The assistant had a moment to realize the person he had pinned to the ground, and how she appeared; stunningly beautiful, she was. She slapped him, his head tipping in the direction of the blow as he half-winced, giving a sly smile nonetheless. She then shoved him off and into another sprint.
They took off for a window, leaping out as if caring little about their lives. In mid air, he drew a card, the front showing a picture of an hour glass. Time slowed as the card faded away into sand. He drew three cards, one of which showed a pillow; he tossed it toward the direction they fell. The other two cards showed pictures of guided missiles, he proceeded to toss both of them toward the gunship. Both cards traveled through the air before each erupted into the exhaust of a missile, metal, mechanism, and all forming in in front of it. Both missiles then planted themselves into the gunship, exploding into a cacophony of destruction to rip the aircraft apart. Time then returned to normal speed, both the gentleman and his assistant landing onto a pile of pillows. They struggled to get up, feeling like children gleefully attempting to retreat from a foam pit.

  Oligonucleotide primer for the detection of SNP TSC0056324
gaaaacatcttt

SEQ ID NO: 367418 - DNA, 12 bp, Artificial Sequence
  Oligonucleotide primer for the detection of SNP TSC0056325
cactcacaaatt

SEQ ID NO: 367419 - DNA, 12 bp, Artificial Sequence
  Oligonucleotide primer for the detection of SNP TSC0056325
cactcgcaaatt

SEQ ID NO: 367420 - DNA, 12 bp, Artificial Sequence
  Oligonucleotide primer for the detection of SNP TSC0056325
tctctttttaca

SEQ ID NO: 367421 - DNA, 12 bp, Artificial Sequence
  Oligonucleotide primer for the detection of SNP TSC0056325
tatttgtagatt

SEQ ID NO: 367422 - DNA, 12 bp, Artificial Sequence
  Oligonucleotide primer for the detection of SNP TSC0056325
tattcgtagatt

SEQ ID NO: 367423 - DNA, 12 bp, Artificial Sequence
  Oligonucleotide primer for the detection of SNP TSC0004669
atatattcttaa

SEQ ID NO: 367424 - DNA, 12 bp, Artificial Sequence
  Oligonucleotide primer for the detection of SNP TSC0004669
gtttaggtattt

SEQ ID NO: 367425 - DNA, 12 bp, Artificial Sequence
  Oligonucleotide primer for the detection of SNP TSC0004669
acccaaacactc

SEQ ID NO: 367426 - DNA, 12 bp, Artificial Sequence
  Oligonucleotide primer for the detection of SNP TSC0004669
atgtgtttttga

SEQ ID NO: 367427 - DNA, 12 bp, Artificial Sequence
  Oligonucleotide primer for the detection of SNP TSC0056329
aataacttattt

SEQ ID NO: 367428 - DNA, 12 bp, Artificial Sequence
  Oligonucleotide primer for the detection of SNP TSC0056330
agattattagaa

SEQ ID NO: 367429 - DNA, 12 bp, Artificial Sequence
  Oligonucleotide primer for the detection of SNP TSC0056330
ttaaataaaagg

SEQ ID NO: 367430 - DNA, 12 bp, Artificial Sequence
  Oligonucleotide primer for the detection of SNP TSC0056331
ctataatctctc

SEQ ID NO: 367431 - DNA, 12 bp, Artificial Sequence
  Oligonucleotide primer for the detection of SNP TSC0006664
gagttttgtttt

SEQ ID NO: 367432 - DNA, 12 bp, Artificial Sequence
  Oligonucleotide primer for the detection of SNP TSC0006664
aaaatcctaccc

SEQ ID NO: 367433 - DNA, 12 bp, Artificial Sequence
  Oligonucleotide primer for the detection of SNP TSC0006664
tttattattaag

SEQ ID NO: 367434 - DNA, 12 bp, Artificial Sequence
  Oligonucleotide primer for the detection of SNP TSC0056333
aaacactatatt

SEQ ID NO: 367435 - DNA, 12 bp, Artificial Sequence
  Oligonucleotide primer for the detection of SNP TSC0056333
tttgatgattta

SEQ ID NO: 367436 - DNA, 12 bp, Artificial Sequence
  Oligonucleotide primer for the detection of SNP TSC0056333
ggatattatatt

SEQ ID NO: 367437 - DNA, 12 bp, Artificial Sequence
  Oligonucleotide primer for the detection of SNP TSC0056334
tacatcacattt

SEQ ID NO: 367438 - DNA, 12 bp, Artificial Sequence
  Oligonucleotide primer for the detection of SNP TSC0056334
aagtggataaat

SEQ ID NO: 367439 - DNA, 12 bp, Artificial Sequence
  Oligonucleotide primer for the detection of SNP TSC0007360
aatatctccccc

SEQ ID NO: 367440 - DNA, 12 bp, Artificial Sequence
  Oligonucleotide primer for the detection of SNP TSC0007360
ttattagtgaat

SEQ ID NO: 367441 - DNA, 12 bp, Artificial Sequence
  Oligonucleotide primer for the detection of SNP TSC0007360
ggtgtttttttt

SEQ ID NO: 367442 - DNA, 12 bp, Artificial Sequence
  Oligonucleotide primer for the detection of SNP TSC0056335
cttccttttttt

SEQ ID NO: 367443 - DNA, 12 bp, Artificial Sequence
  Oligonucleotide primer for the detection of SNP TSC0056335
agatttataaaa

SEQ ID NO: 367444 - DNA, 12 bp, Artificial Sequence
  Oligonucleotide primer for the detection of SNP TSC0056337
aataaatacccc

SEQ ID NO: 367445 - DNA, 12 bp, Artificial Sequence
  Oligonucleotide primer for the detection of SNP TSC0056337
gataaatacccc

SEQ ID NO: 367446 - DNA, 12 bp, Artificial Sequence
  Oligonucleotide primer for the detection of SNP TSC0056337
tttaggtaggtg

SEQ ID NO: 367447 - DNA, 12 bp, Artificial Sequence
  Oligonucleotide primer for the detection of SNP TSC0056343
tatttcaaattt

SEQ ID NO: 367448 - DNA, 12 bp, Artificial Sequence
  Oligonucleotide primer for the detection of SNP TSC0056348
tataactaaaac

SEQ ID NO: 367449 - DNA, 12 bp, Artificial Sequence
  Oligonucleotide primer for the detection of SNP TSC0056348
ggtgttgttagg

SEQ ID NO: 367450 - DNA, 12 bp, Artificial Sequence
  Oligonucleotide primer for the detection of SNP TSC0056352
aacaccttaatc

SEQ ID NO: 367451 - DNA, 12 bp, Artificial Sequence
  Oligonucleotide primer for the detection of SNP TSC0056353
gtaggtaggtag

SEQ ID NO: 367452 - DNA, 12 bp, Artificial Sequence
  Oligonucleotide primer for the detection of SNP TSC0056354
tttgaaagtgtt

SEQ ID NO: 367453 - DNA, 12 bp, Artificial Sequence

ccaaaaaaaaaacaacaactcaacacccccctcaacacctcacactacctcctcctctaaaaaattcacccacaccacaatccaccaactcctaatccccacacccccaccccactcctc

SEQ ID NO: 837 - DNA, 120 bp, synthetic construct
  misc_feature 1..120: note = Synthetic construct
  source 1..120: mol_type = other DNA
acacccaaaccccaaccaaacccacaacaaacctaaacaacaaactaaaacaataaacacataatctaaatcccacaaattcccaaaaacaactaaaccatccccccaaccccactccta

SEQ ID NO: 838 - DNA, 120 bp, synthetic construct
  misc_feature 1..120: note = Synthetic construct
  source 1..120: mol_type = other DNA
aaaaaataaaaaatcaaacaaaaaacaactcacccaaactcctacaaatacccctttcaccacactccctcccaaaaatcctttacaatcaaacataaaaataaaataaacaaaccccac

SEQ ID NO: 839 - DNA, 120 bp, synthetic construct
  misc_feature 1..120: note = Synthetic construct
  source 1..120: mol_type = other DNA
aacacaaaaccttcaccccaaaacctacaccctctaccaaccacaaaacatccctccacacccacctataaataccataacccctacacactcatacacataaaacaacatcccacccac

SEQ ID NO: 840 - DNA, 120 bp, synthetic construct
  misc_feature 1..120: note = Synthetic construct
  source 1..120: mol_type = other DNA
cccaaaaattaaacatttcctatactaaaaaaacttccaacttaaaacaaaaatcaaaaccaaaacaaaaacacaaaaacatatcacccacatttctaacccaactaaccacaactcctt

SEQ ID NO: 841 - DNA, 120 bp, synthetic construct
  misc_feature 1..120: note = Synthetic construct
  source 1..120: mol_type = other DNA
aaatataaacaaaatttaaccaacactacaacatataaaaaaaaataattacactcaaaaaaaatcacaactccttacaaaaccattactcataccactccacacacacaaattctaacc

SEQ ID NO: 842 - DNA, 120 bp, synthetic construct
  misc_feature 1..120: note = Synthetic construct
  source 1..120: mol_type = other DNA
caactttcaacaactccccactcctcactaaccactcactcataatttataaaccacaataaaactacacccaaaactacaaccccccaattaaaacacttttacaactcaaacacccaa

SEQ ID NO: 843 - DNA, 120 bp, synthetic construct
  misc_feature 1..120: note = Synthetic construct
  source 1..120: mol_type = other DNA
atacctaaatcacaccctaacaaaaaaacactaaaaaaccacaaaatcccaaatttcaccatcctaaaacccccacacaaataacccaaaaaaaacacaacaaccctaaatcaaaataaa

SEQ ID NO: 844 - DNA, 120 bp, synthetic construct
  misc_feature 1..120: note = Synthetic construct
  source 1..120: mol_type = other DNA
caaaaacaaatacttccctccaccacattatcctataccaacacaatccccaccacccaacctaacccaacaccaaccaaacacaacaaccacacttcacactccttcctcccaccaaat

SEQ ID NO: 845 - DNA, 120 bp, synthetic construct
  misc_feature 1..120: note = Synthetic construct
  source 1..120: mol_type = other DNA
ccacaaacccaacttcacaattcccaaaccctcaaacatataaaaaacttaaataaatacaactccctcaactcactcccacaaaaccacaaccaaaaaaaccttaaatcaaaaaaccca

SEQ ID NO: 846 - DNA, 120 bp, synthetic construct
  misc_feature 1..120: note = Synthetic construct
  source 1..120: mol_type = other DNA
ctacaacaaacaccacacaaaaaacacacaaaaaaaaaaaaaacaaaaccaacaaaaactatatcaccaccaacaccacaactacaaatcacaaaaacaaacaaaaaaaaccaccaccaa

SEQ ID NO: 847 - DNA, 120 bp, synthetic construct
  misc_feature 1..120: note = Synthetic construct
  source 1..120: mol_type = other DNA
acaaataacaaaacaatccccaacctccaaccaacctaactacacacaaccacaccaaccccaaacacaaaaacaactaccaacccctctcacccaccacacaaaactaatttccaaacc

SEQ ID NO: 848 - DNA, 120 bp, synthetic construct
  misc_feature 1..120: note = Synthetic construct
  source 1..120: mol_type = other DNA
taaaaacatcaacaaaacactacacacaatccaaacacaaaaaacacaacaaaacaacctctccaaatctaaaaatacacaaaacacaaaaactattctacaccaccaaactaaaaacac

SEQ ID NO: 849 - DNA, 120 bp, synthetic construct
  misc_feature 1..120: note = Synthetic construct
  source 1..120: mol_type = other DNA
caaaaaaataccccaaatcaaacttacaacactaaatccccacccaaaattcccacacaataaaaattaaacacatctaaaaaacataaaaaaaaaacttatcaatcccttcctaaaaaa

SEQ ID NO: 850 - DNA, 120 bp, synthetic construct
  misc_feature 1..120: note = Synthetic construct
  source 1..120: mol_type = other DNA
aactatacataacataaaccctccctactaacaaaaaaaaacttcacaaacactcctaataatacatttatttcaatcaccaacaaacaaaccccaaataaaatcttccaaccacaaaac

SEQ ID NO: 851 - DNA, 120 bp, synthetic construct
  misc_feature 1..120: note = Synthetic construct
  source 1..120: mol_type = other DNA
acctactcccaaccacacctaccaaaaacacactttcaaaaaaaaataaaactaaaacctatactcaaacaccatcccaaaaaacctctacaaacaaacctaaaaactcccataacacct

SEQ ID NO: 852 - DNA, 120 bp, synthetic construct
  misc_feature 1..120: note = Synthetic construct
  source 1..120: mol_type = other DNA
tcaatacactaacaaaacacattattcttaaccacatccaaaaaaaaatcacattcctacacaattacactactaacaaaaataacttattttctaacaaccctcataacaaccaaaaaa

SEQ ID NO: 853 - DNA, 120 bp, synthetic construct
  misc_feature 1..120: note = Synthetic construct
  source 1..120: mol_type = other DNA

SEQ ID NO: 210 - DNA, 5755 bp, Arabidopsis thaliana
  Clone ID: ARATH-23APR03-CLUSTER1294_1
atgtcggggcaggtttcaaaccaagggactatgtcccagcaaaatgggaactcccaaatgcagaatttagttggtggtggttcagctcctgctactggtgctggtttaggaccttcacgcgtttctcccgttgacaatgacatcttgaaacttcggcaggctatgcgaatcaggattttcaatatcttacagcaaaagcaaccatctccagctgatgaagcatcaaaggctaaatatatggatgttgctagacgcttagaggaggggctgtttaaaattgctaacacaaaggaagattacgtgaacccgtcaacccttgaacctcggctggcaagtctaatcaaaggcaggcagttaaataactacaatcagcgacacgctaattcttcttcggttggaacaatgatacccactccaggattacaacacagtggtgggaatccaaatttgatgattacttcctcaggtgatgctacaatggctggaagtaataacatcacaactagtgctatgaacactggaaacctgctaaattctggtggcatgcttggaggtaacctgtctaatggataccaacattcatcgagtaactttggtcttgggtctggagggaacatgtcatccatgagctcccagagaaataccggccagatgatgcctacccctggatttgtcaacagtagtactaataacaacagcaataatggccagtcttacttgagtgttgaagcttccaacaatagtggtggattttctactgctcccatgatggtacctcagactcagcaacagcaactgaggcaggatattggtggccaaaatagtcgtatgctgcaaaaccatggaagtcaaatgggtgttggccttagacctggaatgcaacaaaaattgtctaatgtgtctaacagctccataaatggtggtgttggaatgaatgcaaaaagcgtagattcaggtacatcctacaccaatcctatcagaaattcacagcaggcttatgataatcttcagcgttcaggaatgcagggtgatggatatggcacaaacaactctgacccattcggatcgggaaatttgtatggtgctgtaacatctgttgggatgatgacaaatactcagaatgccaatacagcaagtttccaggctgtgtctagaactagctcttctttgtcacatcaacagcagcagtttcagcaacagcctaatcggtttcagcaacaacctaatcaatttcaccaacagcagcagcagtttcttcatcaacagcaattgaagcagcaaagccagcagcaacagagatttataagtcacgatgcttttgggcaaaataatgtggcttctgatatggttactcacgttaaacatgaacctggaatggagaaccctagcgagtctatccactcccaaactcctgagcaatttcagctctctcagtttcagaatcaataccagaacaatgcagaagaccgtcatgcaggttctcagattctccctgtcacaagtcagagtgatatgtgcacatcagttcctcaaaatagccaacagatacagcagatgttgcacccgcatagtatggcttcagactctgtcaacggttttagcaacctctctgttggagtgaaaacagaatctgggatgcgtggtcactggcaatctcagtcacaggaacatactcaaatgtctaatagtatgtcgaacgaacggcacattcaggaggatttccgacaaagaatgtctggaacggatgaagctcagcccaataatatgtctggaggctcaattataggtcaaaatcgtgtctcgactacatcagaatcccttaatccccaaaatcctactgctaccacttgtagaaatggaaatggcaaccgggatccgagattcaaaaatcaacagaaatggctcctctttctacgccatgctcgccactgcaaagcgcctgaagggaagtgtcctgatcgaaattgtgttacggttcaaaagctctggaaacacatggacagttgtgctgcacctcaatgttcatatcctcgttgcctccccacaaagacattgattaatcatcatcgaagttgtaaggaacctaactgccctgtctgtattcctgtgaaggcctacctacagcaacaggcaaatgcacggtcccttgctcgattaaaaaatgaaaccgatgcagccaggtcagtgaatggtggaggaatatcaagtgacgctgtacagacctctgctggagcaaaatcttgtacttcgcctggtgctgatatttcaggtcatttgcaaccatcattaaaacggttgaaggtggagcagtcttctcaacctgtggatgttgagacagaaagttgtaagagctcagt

Once free, both men took off running, now inside a different apartment complex. They found their way to a balcony courtyard, several stories still below them. Soldiers ran in from all sides.